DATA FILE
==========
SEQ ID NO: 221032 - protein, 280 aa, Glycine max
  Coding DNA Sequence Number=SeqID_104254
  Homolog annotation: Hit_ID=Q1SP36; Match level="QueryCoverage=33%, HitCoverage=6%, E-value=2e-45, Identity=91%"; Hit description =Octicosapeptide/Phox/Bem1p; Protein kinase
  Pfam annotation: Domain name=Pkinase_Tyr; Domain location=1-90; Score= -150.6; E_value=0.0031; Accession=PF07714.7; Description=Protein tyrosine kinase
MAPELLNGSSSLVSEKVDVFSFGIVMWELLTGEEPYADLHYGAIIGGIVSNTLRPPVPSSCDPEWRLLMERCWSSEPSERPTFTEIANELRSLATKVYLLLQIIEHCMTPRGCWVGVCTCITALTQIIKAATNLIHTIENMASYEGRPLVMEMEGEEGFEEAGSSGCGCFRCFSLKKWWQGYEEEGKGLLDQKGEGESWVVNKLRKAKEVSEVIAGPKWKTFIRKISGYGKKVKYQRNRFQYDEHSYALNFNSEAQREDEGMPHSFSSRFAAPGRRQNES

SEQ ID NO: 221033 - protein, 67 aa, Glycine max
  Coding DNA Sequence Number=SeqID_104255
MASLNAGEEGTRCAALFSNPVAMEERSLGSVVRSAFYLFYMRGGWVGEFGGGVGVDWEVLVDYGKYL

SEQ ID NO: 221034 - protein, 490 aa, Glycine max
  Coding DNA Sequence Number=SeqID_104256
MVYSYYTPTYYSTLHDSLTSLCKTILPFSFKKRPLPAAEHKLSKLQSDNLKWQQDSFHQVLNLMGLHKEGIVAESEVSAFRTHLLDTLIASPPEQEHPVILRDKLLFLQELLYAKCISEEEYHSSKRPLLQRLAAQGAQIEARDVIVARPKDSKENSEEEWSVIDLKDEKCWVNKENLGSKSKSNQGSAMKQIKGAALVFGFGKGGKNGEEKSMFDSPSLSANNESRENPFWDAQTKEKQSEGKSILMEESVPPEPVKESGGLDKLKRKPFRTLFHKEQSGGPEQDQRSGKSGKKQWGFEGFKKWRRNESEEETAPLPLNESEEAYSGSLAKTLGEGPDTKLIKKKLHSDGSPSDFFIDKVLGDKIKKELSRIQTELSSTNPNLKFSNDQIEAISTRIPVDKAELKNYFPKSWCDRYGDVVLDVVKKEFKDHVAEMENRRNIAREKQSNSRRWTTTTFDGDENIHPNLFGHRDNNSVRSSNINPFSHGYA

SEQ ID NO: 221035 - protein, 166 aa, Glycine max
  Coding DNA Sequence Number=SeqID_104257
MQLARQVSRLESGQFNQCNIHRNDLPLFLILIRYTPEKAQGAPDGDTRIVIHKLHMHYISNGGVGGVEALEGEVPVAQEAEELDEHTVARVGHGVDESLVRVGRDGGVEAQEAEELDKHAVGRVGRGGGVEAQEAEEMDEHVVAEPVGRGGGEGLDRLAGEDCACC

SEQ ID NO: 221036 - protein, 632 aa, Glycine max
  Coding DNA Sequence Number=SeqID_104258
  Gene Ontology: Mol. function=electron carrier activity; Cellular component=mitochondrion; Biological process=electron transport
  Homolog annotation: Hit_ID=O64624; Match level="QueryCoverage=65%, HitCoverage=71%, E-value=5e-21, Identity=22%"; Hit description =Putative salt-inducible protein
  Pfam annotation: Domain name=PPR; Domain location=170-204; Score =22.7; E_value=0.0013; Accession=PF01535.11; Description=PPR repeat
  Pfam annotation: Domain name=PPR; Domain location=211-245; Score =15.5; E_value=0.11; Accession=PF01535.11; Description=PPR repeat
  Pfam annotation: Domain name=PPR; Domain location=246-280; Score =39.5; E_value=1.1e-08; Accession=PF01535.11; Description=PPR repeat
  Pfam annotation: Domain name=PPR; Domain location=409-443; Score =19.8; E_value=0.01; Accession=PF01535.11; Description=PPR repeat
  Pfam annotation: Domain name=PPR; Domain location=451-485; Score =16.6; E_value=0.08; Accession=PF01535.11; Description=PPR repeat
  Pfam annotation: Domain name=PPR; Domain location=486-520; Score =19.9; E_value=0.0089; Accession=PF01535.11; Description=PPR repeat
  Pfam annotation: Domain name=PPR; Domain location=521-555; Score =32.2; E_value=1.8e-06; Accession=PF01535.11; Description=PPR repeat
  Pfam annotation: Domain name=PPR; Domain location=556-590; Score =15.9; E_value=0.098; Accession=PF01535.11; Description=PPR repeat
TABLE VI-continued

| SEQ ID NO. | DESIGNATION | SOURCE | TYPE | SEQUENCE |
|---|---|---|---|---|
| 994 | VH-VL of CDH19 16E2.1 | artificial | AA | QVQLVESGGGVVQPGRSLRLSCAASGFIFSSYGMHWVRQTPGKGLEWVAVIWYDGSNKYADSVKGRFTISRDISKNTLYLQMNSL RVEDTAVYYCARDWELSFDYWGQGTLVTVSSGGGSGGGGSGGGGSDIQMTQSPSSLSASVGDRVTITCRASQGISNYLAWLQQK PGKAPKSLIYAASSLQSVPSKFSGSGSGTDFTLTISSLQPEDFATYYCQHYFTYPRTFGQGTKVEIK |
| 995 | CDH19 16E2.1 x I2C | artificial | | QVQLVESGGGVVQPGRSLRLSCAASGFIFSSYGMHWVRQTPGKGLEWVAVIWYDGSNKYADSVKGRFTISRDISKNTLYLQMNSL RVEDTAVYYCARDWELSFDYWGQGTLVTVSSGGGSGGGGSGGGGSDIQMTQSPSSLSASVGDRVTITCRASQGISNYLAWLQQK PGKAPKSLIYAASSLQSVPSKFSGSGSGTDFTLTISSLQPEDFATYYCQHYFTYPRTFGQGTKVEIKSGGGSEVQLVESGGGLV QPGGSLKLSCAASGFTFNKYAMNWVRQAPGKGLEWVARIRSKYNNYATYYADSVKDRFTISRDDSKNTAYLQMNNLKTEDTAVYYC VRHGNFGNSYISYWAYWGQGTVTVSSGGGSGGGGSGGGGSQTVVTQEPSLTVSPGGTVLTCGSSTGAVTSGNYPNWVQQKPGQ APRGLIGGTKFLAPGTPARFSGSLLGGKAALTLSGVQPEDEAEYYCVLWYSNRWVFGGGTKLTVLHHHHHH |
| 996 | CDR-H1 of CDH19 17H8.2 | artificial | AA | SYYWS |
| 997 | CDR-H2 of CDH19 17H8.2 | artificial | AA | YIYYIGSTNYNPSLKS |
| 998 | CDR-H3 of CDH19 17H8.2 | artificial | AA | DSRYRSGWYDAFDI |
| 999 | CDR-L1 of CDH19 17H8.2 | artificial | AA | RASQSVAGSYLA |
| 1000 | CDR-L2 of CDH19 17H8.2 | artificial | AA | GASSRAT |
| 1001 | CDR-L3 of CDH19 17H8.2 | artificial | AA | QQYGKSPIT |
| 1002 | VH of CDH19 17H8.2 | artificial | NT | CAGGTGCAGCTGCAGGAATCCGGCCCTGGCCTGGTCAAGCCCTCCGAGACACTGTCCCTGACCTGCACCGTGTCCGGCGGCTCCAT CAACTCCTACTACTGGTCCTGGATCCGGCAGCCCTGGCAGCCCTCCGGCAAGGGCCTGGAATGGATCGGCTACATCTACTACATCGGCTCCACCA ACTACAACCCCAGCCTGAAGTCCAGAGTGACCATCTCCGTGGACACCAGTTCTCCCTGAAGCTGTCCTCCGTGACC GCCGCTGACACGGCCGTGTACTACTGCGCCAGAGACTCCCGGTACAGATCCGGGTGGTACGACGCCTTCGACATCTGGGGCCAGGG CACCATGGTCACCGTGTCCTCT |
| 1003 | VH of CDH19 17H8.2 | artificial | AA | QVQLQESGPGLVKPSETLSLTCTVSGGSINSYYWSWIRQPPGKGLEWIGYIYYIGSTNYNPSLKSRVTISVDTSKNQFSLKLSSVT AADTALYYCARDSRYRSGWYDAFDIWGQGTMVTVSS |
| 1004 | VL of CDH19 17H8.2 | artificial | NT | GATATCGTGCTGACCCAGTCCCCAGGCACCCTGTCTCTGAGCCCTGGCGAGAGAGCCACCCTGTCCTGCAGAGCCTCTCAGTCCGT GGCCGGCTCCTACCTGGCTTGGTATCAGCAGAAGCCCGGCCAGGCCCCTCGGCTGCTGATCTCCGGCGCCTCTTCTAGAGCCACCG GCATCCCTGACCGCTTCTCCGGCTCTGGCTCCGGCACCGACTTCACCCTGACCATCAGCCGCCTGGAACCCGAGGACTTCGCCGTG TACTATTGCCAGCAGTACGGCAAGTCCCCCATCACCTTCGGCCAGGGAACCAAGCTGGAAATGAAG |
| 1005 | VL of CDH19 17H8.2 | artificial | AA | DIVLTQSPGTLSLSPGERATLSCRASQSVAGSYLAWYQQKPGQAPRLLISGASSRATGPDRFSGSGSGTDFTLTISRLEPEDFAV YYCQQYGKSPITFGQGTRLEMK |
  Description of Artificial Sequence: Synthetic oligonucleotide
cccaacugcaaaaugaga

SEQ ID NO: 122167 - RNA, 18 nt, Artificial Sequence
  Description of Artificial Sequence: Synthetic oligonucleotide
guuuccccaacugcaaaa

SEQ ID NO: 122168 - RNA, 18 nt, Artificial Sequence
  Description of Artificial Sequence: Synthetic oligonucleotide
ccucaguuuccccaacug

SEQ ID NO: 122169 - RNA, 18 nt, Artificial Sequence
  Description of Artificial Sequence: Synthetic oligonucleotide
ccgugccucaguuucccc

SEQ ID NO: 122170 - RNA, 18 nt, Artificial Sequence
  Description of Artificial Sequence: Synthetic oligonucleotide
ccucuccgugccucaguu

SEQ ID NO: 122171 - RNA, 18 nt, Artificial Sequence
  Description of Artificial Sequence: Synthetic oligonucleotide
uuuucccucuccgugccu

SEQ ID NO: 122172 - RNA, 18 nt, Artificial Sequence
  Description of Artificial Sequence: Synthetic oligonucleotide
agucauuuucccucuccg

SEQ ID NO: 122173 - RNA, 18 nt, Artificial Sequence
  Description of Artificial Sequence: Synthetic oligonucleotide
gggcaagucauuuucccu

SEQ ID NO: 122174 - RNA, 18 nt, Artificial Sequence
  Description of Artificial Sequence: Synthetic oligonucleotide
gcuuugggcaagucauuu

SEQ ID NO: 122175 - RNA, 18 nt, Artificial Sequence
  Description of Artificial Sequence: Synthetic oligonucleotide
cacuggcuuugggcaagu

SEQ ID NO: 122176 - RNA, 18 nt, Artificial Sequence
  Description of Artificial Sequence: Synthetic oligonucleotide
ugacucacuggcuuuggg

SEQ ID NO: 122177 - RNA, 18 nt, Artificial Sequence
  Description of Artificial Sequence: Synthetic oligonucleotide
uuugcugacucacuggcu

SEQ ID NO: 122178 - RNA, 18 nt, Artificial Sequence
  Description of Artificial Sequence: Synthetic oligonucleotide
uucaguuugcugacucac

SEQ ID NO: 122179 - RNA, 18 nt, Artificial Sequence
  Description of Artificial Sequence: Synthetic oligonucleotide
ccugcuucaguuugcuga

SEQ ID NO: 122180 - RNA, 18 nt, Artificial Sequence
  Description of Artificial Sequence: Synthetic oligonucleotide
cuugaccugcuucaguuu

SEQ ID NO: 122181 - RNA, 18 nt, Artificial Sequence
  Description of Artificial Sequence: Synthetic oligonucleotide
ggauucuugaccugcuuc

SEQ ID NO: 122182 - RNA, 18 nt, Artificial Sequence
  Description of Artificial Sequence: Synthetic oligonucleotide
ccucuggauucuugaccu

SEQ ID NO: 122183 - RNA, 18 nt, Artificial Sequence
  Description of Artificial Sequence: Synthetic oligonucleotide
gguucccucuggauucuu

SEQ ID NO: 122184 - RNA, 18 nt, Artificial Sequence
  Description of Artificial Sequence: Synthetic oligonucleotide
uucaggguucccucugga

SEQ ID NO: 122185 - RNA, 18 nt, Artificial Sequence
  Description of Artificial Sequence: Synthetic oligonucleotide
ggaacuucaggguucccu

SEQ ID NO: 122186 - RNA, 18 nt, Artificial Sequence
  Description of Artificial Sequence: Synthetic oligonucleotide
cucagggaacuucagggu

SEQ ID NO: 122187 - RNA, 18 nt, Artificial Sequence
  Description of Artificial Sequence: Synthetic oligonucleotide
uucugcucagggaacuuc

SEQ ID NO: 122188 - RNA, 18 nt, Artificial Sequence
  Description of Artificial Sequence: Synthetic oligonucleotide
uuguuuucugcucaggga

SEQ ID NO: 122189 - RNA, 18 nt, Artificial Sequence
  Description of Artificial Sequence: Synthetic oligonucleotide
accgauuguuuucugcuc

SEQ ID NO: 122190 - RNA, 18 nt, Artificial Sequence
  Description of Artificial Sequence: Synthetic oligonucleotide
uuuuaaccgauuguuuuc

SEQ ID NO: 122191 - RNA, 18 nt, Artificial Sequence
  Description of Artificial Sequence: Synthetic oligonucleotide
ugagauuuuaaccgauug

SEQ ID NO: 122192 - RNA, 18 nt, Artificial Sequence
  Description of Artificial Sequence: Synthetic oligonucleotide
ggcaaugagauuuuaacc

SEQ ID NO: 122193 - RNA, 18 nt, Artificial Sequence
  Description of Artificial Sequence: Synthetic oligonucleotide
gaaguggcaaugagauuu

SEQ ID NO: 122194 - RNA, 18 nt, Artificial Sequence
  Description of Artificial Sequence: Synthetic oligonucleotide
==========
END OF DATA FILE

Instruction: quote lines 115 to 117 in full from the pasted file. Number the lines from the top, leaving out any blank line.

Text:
uuuuaaccgauuguuuuc

SEQ ID NO: 122191 - RNA, 18 nt, Artificial Sequence
  Description of Artificial Sequence: Synthetic oligonucleotide